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Norway’s Equinor plans to start exploratory drilling offshore Australia next year, the company said in the draft environmental plan it released today for public comment as part of efforts to assuage worries that oil exploration in the Great Australian Bight could cause an environmental disaster.
The draft is also a mandatory part of the regulatory approval process for the project, which the Norwegian company took over from BP two years ago when the UK-based supermajor decided it had enough regulatory and public opposition problems in Australia and pulled out of the Great Australian Bight.
“We have made the draft EP available to members of the community and we will take all comments into consideration before updating our EP and submitting it to the independent regulator. This draft EP is the result of more than two years of careful preparation and our 1500-page plan demonstrates how we can drill safely and includes a robust emergency response plan,” Equinor’s country manager for Australia, Jone Strangeland, said.
Opposition, however, remains strong. Last year, environmentalist media reported that Greenpeace had obtained a draft Oil Pollution Emergency Plan from the Norwegian company that confirmed some of their worst fears: in the worst possible scenario, a spill from a gushing well could spread along all of Australia’s southern coast and even reach Sydney, threatening a sensitive ecosystem including endangered species.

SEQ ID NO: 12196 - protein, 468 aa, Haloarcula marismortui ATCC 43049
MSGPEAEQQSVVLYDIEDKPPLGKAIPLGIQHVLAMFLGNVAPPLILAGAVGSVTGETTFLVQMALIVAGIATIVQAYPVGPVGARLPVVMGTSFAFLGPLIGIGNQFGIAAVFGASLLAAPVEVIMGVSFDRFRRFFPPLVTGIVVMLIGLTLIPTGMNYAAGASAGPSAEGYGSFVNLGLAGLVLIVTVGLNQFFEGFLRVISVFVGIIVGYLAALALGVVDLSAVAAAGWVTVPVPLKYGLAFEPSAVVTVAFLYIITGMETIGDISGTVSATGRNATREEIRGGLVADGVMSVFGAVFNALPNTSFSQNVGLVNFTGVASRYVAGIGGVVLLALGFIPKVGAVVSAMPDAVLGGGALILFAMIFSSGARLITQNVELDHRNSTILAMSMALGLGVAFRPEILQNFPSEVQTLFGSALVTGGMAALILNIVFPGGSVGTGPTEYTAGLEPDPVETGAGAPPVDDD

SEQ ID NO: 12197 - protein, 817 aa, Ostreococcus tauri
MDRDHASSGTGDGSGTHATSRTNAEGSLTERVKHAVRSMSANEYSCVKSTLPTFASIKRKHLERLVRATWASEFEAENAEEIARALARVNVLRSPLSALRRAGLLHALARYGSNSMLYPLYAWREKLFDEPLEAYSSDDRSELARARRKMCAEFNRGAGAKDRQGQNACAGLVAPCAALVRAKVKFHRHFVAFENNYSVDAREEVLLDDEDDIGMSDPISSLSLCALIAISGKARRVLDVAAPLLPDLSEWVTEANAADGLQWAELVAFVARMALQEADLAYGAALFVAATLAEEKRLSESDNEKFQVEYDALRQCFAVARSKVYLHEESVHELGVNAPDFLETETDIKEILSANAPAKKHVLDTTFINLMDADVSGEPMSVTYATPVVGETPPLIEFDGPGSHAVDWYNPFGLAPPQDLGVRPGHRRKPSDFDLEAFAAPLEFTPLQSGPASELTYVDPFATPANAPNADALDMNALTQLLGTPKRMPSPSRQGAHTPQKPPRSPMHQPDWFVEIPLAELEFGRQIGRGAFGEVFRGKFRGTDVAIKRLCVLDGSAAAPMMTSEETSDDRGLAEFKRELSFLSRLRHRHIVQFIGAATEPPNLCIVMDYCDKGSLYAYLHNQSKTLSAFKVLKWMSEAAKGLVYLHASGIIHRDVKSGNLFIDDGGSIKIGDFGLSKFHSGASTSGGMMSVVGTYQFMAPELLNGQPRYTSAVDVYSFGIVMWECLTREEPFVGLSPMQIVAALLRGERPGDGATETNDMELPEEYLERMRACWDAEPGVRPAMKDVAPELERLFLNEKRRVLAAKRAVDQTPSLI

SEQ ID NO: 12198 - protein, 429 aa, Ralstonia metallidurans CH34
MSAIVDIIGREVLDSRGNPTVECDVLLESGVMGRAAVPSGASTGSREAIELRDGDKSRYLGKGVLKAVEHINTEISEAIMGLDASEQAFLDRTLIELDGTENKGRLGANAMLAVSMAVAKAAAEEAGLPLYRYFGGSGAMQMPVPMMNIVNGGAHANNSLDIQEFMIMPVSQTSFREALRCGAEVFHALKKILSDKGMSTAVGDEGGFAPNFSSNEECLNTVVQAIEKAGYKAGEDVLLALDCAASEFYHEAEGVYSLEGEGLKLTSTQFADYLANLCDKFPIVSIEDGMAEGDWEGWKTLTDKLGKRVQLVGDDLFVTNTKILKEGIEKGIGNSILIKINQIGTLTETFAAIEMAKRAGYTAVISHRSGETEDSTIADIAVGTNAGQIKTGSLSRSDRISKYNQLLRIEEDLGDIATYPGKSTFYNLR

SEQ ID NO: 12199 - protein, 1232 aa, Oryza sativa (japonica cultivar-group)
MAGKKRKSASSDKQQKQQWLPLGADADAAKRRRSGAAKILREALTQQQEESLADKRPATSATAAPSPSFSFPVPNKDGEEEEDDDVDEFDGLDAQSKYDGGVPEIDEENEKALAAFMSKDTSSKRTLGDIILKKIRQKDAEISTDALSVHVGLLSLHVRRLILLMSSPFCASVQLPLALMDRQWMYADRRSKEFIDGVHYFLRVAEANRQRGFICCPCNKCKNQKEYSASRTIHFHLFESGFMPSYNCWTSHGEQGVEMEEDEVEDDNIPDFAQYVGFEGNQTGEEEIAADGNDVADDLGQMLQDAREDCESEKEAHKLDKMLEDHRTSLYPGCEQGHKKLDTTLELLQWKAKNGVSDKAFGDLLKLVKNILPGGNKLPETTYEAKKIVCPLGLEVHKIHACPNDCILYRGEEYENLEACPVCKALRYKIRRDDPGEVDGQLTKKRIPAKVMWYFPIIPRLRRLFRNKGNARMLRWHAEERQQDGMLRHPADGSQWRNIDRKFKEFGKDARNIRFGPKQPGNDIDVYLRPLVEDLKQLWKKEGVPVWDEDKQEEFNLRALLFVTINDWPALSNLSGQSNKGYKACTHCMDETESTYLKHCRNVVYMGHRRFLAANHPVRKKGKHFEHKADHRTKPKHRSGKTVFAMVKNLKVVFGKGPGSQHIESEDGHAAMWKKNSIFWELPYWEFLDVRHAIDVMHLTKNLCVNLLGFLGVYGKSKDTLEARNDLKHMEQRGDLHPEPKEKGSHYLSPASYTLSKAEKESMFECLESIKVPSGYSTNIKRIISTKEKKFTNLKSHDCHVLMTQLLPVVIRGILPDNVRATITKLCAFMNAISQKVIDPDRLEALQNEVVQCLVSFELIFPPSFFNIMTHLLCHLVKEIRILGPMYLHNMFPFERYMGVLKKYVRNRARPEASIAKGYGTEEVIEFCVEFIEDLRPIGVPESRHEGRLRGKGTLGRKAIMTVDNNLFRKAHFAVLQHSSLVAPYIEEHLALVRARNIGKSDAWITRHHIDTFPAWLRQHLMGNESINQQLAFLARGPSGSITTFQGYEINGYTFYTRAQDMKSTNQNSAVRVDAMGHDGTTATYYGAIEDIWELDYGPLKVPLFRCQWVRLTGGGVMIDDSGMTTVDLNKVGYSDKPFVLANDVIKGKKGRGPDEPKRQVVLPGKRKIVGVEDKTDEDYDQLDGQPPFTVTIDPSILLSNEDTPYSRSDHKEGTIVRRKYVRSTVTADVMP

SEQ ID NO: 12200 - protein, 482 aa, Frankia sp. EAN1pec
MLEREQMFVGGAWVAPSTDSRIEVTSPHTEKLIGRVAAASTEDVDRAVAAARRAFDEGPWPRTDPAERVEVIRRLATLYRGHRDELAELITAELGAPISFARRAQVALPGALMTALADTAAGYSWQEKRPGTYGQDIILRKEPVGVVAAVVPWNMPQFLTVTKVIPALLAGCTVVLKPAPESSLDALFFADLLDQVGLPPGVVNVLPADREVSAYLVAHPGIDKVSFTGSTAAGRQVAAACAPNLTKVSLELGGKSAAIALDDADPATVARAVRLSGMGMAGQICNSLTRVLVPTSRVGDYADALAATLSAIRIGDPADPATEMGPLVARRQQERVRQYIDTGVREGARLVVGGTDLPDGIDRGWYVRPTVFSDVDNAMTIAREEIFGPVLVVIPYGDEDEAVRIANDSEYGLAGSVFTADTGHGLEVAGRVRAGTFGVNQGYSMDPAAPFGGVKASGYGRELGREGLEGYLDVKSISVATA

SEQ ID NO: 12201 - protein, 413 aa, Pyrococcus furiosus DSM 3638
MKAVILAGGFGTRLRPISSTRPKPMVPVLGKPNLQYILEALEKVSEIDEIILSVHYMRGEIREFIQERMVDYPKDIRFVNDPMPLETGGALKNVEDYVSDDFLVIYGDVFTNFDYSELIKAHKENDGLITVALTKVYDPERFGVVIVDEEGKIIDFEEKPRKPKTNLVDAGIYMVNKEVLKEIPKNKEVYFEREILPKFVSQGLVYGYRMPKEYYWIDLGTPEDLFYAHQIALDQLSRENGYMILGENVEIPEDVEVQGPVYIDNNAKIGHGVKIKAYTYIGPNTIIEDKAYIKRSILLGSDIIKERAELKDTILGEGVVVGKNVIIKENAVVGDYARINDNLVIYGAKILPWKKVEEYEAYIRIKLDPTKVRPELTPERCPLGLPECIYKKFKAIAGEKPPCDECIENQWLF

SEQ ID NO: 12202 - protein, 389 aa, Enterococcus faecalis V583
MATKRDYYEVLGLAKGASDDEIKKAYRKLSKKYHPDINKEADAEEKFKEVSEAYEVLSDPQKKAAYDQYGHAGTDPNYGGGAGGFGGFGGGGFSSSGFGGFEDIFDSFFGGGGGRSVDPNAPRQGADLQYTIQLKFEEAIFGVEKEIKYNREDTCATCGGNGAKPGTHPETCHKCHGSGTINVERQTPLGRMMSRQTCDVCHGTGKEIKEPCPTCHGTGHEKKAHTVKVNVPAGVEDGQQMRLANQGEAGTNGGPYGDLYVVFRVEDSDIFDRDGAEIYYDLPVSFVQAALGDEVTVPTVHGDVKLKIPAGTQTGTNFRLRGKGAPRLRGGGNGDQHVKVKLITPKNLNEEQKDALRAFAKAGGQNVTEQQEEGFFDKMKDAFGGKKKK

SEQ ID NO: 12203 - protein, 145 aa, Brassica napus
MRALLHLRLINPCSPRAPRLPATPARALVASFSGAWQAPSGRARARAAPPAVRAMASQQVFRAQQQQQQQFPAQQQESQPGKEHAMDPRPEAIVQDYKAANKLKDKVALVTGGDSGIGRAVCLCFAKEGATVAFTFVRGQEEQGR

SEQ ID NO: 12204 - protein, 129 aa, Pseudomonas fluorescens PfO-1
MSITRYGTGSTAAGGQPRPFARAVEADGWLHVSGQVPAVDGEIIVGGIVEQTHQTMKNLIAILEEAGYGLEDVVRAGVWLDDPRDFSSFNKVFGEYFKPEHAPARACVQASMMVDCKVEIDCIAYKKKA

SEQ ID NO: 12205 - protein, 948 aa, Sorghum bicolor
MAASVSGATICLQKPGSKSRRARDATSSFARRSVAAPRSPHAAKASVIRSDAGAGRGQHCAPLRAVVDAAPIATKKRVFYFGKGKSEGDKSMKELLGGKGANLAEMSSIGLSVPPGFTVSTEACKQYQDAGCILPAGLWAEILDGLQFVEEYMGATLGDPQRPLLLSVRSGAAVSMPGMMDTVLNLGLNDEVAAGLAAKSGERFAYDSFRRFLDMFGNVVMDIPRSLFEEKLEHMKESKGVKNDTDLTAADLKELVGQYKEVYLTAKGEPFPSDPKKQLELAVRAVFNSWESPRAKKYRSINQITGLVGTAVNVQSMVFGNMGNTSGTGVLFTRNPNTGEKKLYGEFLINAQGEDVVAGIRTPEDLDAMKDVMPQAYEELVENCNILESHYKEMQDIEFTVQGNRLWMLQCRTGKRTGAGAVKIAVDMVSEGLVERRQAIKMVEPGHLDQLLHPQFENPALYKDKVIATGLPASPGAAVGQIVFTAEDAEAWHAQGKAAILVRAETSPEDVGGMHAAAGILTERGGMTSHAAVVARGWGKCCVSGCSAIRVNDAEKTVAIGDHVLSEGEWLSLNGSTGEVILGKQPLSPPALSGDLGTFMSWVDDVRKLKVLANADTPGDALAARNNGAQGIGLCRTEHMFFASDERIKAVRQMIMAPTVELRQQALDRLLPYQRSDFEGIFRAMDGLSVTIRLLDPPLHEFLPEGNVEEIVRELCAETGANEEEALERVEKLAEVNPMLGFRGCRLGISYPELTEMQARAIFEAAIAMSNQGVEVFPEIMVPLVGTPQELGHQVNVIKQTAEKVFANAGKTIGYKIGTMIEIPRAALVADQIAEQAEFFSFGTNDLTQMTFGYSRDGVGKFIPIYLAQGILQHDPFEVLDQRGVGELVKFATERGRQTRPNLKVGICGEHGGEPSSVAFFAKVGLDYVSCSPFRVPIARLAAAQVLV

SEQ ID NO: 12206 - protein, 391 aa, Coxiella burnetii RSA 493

Reuters notes there has been no oil and gas exploration in the Great Australian Bight since 2003 and all the wells drilled in the region previously had come up dry. However, Wood Mackenzie estimates suggest that the area could hold 1.9 billion barrels of crude oil and natural gas. Equinor, used to operating in harsh climatic environments, could be better suited than BP and Chevron to try its hand at the Great Australian Bight, but the go-ahead is far from certain given the strong opposition.
By Irina Slav for Oilprice.com
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Irina is a writer for Oilprice.com with over a decade of experience writing on the oil and gas industry.